After spending a few weeks in a cage while her wound healed, Siswi was very ready to be back home! The final checks and preparations were made before Dr. Galdikas said a few ceremonial words and opened Siswi’s transport cage. Camp Leakey staff clapped as the pot-bellied Siswi made her way immediately into the nearby trees. There she stayed until all the people disappeared, looking from face to face and into the forest around her. Dr. Galdikas commented that she seemed to be processing everything that had happened to her recently. Maybe she was wondering what had been happening at Camp Leakey during her time away. How strange the whole ordeal must have seemed from her perspective!

Darkness had fallen when we loaded back into the speedboats to start the trip back to the OCCQ. This time I had a seat in the back, facing the forest that we were leaving behind. It was a clear night, with the moon providing only a sliver of dim light. Leaning over the edge of the boat to look forward, I noticed that the lights from the speedboat lamps were hitting both the surrounding forest and the black, mirror-like water in a way that produced a magical effect. The sky formed a black backdrop for the white-barked trees, making their reflection on the black waters of the river stark and beautiful. It looked as if the trees were growing both upwards and downwards. I pulled the hood of my rain jacket around my face to block out everything except this surreal sight. It was truly an otherworldly beauty, like something you would read about in a fantasy novel. I imagined I was in a dream world far out in space, where all of the white, eerily beautiful trees grow for many meters in two directions in perfect symmetry. As the boat sped along the river I pictured myself flying straight through the middle of this imaginary world, and I started to make up all of the creatures and civilizations that might exist there. It was a culmination of my day of childlike wonder. I forgot all concerns of the outside world and was content to live in this imaginary one for a spell. When we arrived back at the dock in Kumai, I was still smiling. All I could think about was how magical the entire experience had been.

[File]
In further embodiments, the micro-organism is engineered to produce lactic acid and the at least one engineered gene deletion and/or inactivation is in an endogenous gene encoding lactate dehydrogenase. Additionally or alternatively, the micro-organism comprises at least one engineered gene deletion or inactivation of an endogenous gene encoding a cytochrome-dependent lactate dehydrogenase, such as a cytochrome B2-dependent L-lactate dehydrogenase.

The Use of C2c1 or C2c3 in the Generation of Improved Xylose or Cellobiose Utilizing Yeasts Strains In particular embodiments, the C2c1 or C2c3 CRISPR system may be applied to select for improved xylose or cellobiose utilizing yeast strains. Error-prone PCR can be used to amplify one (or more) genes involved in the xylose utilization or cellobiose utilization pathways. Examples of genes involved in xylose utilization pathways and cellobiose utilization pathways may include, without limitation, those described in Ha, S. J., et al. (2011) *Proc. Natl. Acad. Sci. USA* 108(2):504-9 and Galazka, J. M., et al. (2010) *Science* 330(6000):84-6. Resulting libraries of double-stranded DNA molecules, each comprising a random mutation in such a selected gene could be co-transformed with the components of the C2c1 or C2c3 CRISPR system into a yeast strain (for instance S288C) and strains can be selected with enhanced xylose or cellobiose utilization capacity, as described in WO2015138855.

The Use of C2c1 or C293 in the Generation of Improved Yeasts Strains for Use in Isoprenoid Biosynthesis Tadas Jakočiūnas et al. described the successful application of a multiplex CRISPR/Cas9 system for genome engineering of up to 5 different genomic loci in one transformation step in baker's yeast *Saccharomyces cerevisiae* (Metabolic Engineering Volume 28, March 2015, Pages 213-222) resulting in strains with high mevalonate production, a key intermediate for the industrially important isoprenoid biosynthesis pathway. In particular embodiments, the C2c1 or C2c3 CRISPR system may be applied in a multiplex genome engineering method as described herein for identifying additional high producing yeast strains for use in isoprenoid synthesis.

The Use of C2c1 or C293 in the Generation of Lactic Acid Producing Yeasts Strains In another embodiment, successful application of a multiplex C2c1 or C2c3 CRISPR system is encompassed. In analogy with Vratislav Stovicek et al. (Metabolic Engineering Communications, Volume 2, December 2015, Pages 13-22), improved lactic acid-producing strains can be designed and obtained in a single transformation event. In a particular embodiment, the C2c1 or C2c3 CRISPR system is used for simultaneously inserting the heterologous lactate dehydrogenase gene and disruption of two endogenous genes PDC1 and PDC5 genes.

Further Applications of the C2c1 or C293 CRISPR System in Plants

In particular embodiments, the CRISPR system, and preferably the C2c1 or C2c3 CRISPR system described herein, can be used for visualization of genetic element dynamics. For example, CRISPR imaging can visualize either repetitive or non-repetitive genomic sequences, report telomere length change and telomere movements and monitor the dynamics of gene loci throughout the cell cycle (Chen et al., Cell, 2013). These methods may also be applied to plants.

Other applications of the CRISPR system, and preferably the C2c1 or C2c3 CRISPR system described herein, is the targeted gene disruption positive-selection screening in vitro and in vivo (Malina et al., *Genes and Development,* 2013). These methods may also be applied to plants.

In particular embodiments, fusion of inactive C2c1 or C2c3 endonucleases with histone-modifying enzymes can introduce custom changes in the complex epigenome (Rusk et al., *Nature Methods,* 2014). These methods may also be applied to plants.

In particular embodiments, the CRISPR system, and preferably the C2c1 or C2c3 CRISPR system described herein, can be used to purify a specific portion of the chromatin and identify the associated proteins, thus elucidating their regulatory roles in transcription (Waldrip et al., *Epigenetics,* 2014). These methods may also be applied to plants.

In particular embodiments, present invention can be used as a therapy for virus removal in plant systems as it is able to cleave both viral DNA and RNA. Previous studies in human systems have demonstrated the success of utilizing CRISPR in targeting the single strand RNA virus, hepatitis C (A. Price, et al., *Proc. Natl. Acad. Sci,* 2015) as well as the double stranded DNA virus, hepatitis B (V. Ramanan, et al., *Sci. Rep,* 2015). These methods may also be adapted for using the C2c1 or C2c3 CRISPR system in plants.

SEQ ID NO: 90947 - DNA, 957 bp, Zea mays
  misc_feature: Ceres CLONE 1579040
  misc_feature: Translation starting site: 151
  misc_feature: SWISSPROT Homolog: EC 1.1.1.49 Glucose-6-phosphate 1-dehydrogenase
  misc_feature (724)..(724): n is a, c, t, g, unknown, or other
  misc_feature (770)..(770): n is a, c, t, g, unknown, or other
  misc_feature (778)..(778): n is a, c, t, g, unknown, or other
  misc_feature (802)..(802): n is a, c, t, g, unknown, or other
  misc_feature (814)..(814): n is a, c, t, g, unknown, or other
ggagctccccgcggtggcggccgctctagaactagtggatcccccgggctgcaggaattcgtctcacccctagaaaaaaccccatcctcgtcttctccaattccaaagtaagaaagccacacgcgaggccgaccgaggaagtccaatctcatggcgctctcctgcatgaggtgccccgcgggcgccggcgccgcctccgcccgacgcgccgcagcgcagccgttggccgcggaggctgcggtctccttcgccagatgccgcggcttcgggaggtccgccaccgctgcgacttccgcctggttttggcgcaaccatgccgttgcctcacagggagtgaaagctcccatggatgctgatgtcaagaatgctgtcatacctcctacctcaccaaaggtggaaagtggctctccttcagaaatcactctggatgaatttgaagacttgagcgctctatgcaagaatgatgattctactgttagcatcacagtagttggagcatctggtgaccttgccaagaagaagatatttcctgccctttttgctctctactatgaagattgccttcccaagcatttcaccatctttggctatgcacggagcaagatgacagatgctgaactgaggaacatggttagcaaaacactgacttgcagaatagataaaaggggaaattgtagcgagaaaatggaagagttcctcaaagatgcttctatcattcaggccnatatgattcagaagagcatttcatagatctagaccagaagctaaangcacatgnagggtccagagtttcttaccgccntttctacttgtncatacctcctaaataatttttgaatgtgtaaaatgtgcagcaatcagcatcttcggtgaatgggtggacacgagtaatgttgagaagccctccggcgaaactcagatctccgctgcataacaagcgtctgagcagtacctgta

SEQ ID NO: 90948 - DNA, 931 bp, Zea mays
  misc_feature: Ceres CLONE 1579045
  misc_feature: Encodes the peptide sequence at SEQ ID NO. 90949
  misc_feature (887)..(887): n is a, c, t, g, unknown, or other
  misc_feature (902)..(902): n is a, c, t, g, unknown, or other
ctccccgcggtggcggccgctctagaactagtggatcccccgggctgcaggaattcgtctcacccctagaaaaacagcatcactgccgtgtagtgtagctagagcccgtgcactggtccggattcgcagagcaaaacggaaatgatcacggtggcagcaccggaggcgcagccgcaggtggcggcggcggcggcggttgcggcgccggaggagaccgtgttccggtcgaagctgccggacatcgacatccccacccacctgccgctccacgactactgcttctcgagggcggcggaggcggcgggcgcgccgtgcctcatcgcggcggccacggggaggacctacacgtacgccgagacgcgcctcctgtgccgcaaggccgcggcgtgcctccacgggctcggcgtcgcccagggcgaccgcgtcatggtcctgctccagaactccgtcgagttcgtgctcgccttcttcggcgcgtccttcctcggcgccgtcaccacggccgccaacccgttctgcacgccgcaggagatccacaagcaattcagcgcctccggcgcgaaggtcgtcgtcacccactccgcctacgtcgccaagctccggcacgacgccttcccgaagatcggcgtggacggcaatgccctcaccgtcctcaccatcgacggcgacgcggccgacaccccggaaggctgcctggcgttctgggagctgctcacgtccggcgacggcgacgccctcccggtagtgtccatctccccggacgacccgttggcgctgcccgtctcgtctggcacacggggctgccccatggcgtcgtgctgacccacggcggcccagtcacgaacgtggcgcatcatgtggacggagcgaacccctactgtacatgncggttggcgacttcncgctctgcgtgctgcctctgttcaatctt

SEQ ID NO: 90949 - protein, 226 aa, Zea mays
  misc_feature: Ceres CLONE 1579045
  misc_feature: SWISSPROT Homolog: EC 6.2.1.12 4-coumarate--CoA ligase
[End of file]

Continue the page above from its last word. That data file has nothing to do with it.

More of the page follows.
The realities of orangutan and rainforest conservation are often daunting. Maintaining hope in the face of great challenges is not easy. But our fight to save species and ecosystems is strengthened when it is backed by a desire to protect that with which we have found a personal connection. To earn that connection, we must allow ourselves to look into another creature’s eyes and sense a commonality, and to become immersed in the wonder and mystery of the natural world. As we drift further from childhood we tend to distance ourselves from these feelings, but it is childlike fascination that gives us the drive to save wild places and wild species so that future generations may one day experience that same sense of awe. For me, learning about Siswi’s story, seeing her safely returned to her wild home, and having my childhood dreams fulfilled gave me a renewed sense of purpose. Humans have it in our power to reverse many of the harms we have inflicted upon the natural world and to save rare, spectacular, and valuable species from extinction. We just need to be reminded sometimes.